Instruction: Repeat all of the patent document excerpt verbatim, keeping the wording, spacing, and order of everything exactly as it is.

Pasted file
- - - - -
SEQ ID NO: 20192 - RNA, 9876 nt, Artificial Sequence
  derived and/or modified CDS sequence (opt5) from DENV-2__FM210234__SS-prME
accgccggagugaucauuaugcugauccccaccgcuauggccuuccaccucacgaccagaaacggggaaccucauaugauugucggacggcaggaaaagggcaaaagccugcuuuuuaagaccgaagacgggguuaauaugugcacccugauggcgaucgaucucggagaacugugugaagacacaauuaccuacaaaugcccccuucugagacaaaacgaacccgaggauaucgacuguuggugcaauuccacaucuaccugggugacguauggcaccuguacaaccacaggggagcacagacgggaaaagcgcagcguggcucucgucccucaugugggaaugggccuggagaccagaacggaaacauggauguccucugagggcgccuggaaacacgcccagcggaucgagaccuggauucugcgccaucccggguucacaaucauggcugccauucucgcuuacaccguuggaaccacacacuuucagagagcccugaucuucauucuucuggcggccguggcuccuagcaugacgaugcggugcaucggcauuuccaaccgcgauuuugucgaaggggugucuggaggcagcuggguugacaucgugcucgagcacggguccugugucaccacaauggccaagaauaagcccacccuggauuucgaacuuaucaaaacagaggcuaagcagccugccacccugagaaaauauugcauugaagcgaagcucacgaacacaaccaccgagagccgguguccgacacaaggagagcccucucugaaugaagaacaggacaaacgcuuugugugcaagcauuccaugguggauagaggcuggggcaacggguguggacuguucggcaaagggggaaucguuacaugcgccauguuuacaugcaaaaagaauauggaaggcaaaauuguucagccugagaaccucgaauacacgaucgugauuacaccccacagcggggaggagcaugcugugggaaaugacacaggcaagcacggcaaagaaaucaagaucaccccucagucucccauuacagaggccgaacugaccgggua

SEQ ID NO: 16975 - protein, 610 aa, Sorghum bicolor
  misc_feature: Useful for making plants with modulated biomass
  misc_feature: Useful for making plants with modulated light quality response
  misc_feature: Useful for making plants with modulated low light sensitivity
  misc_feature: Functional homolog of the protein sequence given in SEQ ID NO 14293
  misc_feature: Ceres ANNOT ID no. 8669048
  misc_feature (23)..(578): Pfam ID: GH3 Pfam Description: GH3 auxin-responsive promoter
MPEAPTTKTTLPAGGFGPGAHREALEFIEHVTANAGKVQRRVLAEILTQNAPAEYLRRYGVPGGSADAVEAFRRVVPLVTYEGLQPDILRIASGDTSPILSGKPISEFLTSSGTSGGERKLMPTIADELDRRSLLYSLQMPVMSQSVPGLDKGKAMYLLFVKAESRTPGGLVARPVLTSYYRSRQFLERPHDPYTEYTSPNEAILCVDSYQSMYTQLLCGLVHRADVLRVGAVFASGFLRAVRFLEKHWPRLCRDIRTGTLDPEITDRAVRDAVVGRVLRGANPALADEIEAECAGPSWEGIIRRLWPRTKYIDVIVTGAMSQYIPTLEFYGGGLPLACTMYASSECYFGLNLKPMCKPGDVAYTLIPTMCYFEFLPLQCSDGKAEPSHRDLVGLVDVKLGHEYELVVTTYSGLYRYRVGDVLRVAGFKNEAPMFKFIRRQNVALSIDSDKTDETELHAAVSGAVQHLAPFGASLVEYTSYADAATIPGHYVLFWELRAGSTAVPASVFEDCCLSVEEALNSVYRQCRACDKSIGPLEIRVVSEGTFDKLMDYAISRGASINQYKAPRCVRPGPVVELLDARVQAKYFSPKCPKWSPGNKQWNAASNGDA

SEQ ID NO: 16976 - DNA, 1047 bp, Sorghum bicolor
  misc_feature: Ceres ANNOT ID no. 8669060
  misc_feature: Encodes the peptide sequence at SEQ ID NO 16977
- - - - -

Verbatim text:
SEQ ID NO: 20192 - RNA, 9876 nt, Artificial Sequence
  derived and/or modified CDS sequence (opt5) from DENV-2__FM210234__SS-prME
accgccggagugaucauuaugcugauccccaccgcuauggccuuccaccucacgaccagaaacggggaaccucauaugauugucggacggcaggaaaagggcaaaagccugcuuuuuaagaccgaagacgggguuaauaugugcacccugauggcgaucgaucucggagaacugugugaagacacaauuaccuacaaaugcccccuucugagacaaaacgaacccgaggauaucgacuguuggugcaauuccacaucuaccugggugacguauggcaccuguacaaccacaggggagcacagacgggaaaagcgcagcguggcucucgucccucaugugggaaugggccuggagaccagaacggaaacauggauguccucugagggcgccuggaaacacgcccagcggaucgagaccuggauucugcgccaucccggguucacaaucauggcugccauucucgcuuacaccguuggaaccacacacuuucagagagcccugaucuucauucuucuggcggccguggcuccuagcaugacgaugcggugcaucggcauuuccaaccgcgauuuugucgaaggggugucuggaggcagcuggguugacaucgugcucgagcacggguccugugucaccacaauggccaagaauaagcccacccuggauuucgaacuuaucaaaacagaggcuaagcagccugccacccugagaaaauauugcauugaagcgaagcucacgaacacaaccaccgagagccgguguccgacacaaggagagcccucucugaaugaagaacaggacaaacgcuuugugugcaagcauuccaugguggauagaggcuggggcaacggguguggacuguucggcaaagggggaaucguuacaugcgccauguuuacaugcaaaaagaauauggaaggcaaaauuguucagccugagaaccucgaauacacgaucgugauuacaccccacagcggggaggagcaugcugugggaaaugacacaggcaagcacggcaaagaaaucaagaucaccccucagucucccauuacagaggccgaacugaccgggua

SEQ ID NO: 16975 - protein, 610 aa, Sorghum bicolor
  misc_feature: Useful for making plants with modulated biomass
  misc_feature: Useful for making plants with modulated light quality response
  misc_feature: Useful for making plants with modulated low light sensitivity
  misc_feature: Functional homolog of the protein sequence given in SEQ ID NO 14293
  misc_feature: Ceres ANNOT ID no. 8669048
  misc_feature (23)..(578): Pfam ID: GH3 Pfam Description: GH3 auxin-responsive promoter
MPEAPTTKTTLPAGGFGPGAHREALEFIEHVTANAGKVQRRVLAEILTQNAPAEYLRRYGVPGGSADAVEAFRRVVPLVTYEGLQPDILRIASGDTSPILSGKPISEFLTSSGTSGGERKLMPTIADELDRRSLLYSLQMPVMSQSVPGLDKGKAMYLLFVKAESRTPGGLVARPVLTSYYRSRQFLERPHDPYTEYTSPNEAILCVDSYQSMYTQLLCGLVHRADVLRVGAVFASGFLRAVRFLEKHWPRLCRDIRTGTLDPEITDRAVRDAVVGRVLRGANPALADEIEAECAGPSWEGIIRRLWPRTKYIDVIVTGAMSQYIPTLEFYGGGLPLACTMYASSECYFGLNLKPMCKPGDVAYTLIPTMCYFEFLPLQCSDGKAEPSHRDLVGLVDVKLGHEYELVVTTYSGLYRYRVGDVLRVAGFKNEAPMFKFIRRQNVALSIDSDKTDETELHAAVSGAVQHLAPFGASLVEYTSYADAATIPGHYVLFWELRAGSTAVPASVFEDCCLSVEEALNSVYRQCRACDKSIGPLEIRVVSEGTFDKLMDYAISRGASINQYKAPRCVRPGPVVELLDARVQAKYFSPKCPKWSPGNKQWNAASNGDA

SEQ ID NO: 16976 - DNA, 1047 bp, Sorghum bicolor
  misc_feature: Ceres ANNOT ID no. 8669060
  misc_feature: Encodes the peptide sequence at SEQ ID NO 16977